The right-wing and Islamist political forces that have always maintained connections with violent extremist forces are exerting their influence in Bangladeshi society. This is an ominous sign in this part of the world.
Although terrorism which is broadly understood as violent extremism or militancy has long historical roots, in Bangladesh it surfaced in the 1970s through leftist militants. Later, it shifted to Islamist extremism in the 1980s and flourished throughout the 1990s, and reached its peak in the early 2000s. The menace of terrorism particularly in the form of Islamic militancy has widely been felt in Bangladesh's society and polity since 1999.
Since then, several militant groups have gained ground and started to challenge the government over the issues of the political process and social systems in the country. The central goal of the operations of the militant groups is to establish an Islamic regime in the country. The Fifth Amendment of the Bangladesh Constitution under the Zia regime in the late 1970s and the Eighth Amendment of the Constitution under the Ershad regime in the early 1980s, which gave centrality to Islam at the State level, encouraged religious and right-wing forces to grab state power.
On the other hand, the secular Constitution of Bangabandhu Sheikh Mujibur Rahman in 1972 separated religion from the State and prohibited religion-based political parties. This was reversed by the military dictators in the name of multiparty democracy. Since then Bangladesh has witnessed the emergence of right-wing Islamist forces.
Understandably, the contemporary variant of extremism experienced by Bangladesh is the religious one and is the product of the Afghan War (1979-1992). The connection with the Afghan War was established in 1984 when estimated 3,000 volunteers traveled to Afghanistan. When the Mujahideen emerged victorious, the Bangladeshi participants of the war expressed their delight at a press conference in Dhaka where the speakers identified themselves as members of HuJI-Bangladesh (HuJI-B).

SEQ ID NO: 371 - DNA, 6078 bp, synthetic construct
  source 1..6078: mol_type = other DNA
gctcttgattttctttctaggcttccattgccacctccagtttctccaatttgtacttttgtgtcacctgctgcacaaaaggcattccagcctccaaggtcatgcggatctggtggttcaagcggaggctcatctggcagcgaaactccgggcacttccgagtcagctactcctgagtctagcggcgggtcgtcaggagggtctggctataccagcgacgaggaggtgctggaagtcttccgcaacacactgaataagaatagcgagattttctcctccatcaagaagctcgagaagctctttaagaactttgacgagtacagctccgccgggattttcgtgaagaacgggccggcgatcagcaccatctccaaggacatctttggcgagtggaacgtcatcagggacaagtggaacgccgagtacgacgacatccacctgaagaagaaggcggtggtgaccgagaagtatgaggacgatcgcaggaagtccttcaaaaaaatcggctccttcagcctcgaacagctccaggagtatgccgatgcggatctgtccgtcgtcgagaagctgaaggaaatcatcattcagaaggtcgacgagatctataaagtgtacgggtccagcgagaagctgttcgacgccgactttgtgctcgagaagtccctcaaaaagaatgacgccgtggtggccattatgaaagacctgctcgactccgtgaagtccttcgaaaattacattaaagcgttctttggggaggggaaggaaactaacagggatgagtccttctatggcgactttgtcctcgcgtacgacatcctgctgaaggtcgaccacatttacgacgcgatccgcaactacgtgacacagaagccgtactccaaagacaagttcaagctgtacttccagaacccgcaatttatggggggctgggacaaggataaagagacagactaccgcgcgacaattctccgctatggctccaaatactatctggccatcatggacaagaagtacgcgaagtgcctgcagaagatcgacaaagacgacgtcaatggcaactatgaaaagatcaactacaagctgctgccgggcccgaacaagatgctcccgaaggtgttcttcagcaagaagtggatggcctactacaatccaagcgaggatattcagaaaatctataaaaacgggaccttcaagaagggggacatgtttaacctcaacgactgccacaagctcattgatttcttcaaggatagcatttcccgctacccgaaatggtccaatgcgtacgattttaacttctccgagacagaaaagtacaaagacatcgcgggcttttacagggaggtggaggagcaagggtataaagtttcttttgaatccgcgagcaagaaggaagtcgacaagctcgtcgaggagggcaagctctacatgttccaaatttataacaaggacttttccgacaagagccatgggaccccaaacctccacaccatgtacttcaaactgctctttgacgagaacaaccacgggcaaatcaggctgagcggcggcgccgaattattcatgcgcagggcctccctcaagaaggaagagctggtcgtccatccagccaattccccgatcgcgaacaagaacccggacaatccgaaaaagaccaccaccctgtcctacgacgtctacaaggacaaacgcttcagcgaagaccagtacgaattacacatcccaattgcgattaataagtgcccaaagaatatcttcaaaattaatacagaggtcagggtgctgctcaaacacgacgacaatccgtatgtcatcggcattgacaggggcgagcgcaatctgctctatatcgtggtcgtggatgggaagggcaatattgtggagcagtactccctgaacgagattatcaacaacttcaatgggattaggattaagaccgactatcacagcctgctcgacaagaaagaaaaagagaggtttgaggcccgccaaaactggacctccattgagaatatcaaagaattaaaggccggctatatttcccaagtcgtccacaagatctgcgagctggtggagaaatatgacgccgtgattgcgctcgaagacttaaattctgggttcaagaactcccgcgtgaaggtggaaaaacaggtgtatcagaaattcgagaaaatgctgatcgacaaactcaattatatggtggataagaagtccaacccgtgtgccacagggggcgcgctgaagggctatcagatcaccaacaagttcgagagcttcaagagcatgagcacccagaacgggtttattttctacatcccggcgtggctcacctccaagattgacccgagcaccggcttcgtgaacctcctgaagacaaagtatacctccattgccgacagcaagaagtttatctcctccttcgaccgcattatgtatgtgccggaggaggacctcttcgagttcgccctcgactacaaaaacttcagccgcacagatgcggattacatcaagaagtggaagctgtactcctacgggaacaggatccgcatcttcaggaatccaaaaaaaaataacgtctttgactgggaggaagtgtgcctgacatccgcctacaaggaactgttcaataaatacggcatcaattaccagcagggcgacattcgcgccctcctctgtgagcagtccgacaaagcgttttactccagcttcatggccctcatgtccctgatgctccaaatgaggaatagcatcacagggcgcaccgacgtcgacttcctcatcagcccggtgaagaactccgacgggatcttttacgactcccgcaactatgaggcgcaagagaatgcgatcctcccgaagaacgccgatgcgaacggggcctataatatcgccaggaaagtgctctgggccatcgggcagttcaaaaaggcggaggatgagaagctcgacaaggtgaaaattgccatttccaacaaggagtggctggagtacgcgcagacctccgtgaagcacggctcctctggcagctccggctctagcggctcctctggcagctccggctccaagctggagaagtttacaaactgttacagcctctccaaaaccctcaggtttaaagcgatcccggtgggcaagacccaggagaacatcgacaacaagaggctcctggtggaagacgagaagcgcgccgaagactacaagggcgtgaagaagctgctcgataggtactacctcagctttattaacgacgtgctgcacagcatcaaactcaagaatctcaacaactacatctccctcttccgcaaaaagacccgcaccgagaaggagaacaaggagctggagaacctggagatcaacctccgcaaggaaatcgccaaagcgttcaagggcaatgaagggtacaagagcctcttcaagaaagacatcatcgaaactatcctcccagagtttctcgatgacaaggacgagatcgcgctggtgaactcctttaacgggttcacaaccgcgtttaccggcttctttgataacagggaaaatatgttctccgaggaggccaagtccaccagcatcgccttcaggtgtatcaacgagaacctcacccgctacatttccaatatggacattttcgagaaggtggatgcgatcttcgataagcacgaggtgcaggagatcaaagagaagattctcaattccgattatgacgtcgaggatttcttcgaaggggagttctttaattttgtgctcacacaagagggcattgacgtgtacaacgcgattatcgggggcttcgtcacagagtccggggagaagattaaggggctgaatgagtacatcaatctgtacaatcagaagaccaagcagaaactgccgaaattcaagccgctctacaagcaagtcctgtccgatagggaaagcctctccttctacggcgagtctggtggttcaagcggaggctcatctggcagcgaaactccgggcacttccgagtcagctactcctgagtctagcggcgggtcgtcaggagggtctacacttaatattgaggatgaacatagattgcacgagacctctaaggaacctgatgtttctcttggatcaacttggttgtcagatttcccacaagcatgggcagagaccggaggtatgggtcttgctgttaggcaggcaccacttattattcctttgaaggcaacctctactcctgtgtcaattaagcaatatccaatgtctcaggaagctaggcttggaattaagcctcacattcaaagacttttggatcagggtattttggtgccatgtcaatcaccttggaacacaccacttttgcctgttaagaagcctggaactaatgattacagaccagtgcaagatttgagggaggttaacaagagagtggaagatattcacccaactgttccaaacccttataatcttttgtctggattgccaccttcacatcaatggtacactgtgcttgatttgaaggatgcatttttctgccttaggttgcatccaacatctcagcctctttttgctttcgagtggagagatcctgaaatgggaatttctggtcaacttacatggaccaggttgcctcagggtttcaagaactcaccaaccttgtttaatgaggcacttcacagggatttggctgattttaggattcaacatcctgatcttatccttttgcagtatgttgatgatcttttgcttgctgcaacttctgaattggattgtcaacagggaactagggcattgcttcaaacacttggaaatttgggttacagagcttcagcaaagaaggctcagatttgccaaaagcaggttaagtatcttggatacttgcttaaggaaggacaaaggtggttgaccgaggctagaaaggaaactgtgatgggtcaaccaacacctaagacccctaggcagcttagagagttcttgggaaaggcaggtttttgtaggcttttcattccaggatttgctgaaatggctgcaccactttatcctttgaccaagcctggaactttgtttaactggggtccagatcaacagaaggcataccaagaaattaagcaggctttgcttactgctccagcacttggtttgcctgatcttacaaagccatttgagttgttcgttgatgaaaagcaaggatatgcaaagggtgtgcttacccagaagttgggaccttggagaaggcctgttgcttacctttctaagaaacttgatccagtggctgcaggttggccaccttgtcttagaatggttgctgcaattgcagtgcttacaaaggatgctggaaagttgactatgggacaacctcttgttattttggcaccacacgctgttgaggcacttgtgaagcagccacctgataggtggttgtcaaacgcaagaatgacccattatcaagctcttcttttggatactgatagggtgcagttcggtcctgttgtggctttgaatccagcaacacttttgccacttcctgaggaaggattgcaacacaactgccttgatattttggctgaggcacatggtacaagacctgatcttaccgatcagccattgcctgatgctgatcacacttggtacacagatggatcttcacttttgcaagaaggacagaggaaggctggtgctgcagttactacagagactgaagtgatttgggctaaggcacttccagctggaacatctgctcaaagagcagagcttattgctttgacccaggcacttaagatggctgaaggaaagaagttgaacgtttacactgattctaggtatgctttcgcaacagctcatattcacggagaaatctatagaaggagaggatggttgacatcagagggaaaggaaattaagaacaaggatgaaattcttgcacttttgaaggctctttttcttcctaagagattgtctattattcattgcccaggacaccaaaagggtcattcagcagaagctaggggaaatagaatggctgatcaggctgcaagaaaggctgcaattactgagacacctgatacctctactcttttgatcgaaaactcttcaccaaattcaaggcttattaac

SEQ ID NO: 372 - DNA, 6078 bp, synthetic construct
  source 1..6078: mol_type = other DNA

Rise of extremist groups
In the second half of the 1990s, a number of religious extremist groups emerged in Bangladesh with different objectives. The first terrorist incident in Bangladesh inspired by this religious extremism experienced and perpetrated by HuJI-B was the bombing at a venue of a cultural programme organized by Udichi in 1999 that killed 10 people and injured around 150.
During the same period, other extremist groups viz., the Jagrata Muslim Janata, Bangladesh (JMJB) and the Jamaat-al Mujahedin Bangladesh (JMB) also emerged and started functioning in Bangladesh. Their purported motivation was to wage "Islamic movements" in Bangladesh and ultimately establish an ‘Islamic state’ based on Shariah law.
From 6 March 1999 to 29 November 2005, at least 23 bombing incidents were launched by different militant-terrorist groups, which left some 142 people dead and thousands injured. Militancy reached its peak with the attack on Sheikh Hasina, then out of power, at a political rally on 21 August 2004, followed by the biggest terrorist incident on August 17, 2005, when activists of the JMJB detonated 459 bombs in 63 out of the 64 districts of the country. To mention some other violent attacks: the bomb explosion at Ramna on the eve of Bengali New Year in April 2001; the 27 January 2005 attack in Habiganj killing the then Finance Minister; courtroom and court premises bomb blasts in October and November of 2005 killing two district judges in Jhalokathi district. Most of these attacks were carried out by the JMB.
The BNP-led government (2001-2006) initially failed to take action against the attackers due to limited law enforcement capacity but also sympathy for these groups within the Jamaat-e-Islami (JeI), Bangladesh’s largest Islamist party and a member of the BNP’s governing alliance. However, Bangladesh successfully tackled that wave of terrorism with top JMB leaders facing justice, thanks to actions by its Rapid Action Battalion (RAB).